“But it gets pretty bad up North, now,” Willie continued. “You find soldiers and policemen and I don’t know what up there who won’t let you do your job and who don’t take money and who you can’t scare. It’s a real crime. So we come down here to Bangkok. There has to be work in the city for men like us. You get all these people, na? There must be all manner of unhappiness and misunderstandings of one kind and another that need to be fixed. But it’s hard to get your start. It takes money to make money. Money and contacts. “Robbery, now, that’s a loser’s game. I mean, what did Tommy and I get out of this day’s work? I mean, after all.”

I said I was sorry and Willie said it wasn’t my fault. Anyway now they were thinking of being gunmen, though it didn’t help that they had lost their only gun in the river. It wasn’t much of a gun anyhow, come to that, said Willie. Nowadays you needed at least an 11mm automatic, though an m-16 or a grenade launcher carried even more punch in terms of both image and impact. Of course it was not easy to conceal a grenade launcher on your person while riding around Bangkok on a motorcycle. But an 11mm pistol cost 12,000 baht and even a used m-16 would run you 4,500 baht. Willie asked me did I know how much just the ammo for an 11mm pistol cost? I didn’t know, and it turned out Willie couldn’t remember so he asked Tommy who told him five baht a round, black market prices, of course. 

“Do you hear that?” said Willie. “Pow, pow, pow. Hey. Before you know it there’s a whole night on the town blown away.”

He told me that was why you needed such a heavy caliber weapon: nobody in the business could afford target practice, so you had to get up close to your man with something that looked impressive and made a loud noise so even if you missed you scared him to death.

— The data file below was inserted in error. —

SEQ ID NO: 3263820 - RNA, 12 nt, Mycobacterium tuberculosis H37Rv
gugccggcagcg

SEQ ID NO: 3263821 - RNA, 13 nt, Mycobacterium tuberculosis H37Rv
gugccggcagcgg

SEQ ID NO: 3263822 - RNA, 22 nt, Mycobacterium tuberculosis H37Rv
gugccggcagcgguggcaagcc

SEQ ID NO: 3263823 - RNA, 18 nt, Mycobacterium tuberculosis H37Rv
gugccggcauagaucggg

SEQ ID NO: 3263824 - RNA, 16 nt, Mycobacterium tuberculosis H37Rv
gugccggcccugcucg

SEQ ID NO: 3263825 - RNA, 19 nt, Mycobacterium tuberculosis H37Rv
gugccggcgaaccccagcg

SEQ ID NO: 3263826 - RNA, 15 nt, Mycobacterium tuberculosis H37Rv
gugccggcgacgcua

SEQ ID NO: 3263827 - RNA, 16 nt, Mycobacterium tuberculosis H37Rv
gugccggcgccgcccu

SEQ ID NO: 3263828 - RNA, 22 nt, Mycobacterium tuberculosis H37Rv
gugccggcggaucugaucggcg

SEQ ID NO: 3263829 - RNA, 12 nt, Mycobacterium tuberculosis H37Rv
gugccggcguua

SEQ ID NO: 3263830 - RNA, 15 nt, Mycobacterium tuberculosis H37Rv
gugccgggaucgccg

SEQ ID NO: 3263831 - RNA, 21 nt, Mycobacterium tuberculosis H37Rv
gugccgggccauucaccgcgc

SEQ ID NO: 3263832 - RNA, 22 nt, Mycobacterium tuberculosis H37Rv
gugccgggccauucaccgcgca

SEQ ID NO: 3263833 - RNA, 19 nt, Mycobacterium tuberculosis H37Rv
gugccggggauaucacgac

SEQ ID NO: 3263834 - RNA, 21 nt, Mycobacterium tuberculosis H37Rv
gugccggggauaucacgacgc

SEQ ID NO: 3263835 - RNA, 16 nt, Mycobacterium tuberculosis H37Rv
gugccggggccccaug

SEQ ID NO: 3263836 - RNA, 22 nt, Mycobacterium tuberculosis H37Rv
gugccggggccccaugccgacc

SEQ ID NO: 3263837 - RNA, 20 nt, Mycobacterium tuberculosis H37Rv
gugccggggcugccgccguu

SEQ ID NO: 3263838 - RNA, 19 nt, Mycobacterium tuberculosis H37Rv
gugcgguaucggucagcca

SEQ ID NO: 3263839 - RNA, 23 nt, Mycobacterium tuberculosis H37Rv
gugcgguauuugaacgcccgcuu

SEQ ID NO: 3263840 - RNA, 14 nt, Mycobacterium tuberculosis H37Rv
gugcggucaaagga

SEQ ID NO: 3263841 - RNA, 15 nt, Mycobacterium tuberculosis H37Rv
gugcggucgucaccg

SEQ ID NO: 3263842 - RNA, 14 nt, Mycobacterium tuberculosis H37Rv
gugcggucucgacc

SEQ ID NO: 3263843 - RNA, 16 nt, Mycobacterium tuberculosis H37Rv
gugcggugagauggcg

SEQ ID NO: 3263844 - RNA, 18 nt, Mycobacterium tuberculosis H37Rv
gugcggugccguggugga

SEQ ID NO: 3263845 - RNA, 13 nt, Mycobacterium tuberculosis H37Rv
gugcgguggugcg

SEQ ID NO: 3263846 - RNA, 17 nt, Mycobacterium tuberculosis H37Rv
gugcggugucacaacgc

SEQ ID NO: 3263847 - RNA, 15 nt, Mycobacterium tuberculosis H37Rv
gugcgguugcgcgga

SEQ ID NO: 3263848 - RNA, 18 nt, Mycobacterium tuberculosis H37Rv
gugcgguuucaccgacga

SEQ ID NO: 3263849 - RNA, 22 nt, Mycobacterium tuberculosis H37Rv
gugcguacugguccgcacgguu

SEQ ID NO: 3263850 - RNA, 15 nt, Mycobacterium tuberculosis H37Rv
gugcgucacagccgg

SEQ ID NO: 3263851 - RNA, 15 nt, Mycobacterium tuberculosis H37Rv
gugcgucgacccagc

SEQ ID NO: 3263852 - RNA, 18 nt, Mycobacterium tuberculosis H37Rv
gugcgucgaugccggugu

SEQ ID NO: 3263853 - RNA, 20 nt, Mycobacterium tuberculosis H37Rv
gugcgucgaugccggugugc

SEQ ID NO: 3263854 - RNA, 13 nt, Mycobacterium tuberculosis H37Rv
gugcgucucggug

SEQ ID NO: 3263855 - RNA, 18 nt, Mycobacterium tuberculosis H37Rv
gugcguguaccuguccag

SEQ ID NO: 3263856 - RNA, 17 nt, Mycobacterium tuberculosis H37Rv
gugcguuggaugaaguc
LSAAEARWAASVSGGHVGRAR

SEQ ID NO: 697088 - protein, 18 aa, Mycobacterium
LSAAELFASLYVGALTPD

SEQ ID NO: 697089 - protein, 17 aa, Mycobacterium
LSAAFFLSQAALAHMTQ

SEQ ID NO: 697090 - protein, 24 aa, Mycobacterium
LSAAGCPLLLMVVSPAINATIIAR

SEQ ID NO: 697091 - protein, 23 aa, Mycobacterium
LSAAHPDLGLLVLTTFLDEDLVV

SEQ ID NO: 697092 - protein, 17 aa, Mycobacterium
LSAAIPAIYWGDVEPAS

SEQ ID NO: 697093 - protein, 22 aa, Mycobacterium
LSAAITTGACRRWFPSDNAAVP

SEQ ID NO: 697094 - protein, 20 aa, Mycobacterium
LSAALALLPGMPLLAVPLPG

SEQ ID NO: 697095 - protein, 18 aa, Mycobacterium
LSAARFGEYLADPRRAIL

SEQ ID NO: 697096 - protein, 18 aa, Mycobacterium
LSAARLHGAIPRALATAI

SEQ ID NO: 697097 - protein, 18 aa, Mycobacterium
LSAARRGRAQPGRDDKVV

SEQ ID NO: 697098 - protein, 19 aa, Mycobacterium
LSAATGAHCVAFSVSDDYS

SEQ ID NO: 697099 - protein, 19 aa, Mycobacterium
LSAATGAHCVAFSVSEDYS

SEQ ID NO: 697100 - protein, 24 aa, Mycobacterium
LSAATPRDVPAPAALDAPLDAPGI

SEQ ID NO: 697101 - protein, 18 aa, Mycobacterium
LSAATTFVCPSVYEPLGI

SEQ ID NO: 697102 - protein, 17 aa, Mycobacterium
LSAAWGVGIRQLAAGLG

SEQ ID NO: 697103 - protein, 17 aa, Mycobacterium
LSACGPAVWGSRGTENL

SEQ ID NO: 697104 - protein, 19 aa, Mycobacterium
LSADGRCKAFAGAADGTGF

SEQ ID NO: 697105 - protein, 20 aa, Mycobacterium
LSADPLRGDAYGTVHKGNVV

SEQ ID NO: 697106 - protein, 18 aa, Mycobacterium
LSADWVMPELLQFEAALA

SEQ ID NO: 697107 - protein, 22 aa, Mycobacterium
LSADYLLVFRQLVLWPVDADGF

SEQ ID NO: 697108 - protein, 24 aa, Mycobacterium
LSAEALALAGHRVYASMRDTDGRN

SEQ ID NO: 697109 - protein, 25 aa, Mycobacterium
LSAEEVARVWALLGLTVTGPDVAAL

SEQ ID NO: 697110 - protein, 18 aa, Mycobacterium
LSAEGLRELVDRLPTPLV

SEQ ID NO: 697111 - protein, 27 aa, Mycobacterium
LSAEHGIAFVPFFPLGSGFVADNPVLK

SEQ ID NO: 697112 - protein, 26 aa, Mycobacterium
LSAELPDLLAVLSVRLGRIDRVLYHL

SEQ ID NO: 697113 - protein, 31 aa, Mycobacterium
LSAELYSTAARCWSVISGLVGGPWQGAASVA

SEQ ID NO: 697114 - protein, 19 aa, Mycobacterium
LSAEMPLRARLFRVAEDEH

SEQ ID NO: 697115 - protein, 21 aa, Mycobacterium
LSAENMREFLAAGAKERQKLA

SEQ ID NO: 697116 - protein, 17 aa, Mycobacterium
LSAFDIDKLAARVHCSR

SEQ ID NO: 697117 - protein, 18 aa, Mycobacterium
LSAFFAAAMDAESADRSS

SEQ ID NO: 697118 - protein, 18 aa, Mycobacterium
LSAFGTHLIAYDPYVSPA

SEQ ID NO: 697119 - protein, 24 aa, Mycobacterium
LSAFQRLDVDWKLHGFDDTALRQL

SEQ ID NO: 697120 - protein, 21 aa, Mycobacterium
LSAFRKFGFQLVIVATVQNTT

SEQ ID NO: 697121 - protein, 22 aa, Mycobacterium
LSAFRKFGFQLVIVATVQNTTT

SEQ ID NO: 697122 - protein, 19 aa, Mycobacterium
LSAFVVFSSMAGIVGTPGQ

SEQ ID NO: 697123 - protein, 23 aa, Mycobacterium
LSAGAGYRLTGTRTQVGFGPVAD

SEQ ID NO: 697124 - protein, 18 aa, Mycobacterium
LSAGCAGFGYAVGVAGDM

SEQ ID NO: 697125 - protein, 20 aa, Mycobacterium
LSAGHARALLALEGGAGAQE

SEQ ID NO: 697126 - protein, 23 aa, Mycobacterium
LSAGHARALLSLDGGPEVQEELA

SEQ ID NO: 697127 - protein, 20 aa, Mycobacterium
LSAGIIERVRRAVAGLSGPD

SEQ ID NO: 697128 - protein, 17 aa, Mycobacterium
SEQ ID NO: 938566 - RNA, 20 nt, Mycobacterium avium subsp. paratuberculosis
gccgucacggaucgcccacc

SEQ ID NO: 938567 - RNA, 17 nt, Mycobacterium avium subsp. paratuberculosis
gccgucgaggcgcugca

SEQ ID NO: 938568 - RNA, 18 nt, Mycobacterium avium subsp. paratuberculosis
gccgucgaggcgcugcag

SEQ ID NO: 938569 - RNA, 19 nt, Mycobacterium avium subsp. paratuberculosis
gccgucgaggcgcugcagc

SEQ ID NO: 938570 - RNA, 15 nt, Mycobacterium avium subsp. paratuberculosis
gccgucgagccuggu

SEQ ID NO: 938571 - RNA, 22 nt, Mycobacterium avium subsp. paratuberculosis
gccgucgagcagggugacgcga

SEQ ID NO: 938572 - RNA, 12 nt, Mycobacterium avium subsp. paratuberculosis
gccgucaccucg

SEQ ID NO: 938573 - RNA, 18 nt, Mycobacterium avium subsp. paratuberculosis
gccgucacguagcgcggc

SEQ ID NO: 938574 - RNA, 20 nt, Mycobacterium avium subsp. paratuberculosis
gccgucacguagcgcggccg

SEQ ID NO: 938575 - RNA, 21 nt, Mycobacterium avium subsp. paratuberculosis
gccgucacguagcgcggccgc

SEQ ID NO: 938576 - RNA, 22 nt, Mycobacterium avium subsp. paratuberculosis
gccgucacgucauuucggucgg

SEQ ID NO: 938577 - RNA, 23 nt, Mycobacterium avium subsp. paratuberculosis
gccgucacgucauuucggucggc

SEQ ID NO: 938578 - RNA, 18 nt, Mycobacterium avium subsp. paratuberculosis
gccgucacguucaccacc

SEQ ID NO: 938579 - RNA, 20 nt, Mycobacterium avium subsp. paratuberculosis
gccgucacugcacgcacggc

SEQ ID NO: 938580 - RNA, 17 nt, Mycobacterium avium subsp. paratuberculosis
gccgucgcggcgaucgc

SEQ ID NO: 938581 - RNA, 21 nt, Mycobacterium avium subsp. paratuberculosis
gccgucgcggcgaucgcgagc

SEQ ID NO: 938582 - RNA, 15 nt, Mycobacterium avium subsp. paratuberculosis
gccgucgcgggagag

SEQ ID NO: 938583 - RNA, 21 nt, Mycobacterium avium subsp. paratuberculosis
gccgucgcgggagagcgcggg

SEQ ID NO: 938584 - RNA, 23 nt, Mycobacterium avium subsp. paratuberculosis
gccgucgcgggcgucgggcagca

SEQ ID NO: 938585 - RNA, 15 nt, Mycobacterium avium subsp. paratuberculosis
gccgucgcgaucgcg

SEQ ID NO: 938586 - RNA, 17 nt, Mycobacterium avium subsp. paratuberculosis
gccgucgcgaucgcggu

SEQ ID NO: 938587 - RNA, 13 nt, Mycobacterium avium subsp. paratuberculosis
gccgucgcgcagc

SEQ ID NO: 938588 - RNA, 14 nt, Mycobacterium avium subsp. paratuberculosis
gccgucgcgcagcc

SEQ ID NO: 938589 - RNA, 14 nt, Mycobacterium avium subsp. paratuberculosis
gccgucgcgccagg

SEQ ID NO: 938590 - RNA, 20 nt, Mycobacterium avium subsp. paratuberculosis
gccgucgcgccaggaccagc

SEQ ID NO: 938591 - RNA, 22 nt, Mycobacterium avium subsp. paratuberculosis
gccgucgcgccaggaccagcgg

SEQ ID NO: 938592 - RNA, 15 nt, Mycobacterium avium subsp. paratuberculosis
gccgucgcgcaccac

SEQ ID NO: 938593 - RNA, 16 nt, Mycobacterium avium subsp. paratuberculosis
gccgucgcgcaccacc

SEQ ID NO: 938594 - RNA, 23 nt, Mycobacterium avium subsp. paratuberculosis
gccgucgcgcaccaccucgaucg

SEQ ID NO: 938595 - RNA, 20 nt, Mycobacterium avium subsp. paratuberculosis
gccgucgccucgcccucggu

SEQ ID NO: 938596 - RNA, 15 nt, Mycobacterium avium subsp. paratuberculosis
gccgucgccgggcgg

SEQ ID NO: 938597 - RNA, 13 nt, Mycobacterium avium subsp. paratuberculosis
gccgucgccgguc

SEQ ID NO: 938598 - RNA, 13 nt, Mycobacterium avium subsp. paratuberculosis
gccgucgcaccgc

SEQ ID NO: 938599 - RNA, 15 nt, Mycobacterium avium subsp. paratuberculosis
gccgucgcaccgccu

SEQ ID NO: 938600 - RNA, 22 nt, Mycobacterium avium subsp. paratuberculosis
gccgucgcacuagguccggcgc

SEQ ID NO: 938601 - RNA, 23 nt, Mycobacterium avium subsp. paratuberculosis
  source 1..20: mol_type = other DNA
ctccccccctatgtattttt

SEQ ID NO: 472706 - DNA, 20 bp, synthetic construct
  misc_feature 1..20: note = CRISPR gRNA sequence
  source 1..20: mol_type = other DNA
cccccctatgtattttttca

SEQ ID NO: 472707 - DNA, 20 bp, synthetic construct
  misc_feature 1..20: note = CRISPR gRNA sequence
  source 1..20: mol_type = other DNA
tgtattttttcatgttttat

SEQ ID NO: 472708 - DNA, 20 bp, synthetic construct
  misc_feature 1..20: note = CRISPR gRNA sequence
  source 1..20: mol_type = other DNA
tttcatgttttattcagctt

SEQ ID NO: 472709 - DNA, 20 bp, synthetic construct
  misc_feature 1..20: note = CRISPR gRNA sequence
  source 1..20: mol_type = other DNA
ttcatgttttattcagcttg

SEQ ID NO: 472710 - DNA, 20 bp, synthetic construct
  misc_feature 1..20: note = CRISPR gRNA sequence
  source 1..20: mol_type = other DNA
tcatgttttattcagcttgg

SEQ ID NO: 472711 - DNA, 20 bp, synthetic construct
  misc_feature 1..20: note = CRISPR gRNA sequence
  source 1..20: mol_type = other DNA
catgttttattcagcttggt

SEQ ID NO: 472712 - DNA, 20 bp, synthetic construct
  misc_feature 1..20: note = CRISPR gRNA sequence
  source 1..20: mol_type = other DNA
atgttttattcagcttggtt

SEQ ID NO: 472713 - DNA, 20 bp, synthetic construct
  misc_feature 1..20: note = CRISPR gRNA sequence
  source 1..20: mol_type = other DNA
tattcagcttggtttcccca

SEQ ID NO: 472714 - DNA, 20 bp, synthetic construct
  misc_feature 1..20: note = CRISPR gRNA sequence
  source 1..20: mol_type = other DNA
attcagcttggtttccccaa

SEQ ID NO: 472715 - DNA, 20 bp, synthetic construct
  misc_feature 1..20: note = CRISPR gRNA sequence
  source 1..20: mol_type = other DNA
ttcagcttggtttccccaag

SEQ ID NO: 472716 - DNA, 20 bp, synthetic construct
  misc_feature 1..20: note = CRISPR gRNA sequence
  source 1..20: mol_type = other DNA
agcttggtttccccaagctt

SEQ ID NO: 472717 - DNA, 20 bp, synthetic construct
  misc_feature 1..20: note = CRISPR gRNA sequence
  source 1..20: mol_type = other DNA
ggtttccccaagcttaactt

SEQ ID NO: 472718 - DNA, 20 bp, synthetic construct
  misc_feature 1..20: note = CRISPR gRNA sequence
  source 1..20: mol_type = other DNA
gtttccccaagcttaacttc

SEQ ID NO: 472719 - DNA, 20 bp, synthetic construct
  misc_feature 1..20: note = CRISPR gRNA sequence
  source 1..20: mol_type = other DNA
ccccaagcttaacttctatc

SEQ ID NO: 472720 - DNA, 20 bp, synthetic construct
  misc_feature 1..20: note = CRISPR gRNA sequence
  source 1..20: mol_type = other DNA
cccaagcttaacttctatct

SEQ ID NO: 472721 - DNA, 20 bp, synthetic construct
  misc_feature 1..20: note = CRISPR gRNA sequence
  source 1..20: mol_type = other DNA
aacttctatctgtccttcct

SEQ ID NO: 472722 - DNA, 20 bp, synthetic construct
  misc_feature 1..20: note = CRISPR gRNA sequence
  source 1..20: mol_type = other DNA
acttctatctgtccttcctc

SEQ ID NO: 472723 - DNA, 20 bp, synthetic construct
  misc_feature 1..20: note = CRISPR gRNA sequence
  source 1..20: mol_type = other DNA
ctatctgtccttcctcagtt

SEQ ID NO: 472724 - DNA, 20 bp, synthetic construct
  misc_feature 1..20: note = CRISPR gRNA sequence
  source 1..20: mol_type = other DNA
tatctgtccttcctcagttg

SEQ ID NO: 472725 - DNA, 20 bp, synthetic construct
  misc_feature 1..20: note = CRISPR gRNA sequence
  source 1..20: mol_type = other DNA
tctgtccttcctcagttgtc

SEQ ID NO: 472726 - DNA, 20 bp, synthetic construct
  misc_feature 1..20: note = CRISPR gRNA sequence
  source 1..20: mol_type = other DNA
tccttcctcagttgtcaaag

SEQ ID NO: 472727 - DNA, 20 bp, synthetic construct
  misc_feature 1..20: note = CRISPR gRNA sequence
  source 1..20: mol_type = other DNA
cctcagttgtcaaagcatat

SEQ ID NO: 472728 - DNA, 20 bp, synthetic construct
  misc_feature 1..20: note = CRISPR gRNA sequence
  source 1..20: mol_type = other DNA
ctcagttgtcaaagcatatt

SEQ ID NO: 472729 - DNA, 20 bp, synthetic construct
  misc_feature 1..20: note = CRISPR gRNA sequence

What they required, then, was something to start — only enough to get their basic equipment together.

I told them if I had anybody I wanted blown away they would be the first to know but, unfortunately, I didn’t want anybody dead right at that moment.

It was not necessary to want somebody dead, Willie was quick to assure me. Hey. Maybe I just needed to throw a scare into someone. Maybe my landlord, for example? Or some business associate?

Willie got Tommy to give me the Look again, except he had to slap him around a bit so he would open his eyes first and give me any kind of look at all. What I finally saw didn’t look much like the Look, even though I had to admit his eyes were open, and this time I didn’t feel the furry things up and down my spine.

I wasn’t feeling much of anything, by then. Willie himself, he said, was remaining upright in his chair only due to a discipline he had learned in some secret martial arts practice. Furthermore, as he pointed out, Tommy had left off giving the Look and was asleep face down in what was left of the woon sen. On top of that, the proprietor wanted to close up and go home, and we had spent all the money anyway.

It would be better, said he, if we got together again upon another occasion and continued our interesting discussions then. Maybe he would tell me how he first came to be called Wrong-Way and we could talk about me buying some shares in their new enterprise. Kind of like a “quiet partner.”

This proposition got me to thinking, and I came to see it was time for these two gentlemen and myself to seek our separate destinies where we might. So I said to Willie that he had related an interesting history and I was pleased to meet a man of such accomplishments as Tommy Two-Toes, not to mention Willie’s own good self, but I regretted to say I was leaving the country in one week never to return.

Willie was sorry to hear this, he said, and then maybe we could go to my joint right away and discuss a small business loan since he knew I was a good sort and my terms wouldn’t be too hard, even though these were hard times we were living in.

I said we would do this thing as soon as I came back from the toilet, only I never came back from the toilet. I got in a taxi and I got out of that part of town, maybe forever. 


In next week’s installment, Jack, to his surprise and theirs, once again encounters Tommy and Willie, this time in even more colorful circumstances.

Previous editions

3 thoughts on “KICKING DOGS ~ PROLOGUE”

  1. I like the way you write Collin.
    We “internationals” do not need to look up every second word.
    Too many authors spend a lot of time showing off with big words, which will in the end limit their readers to people who has English as their mother tongue.
    It is so easy to get to know your characters as well Collin. You make us get to know them personally.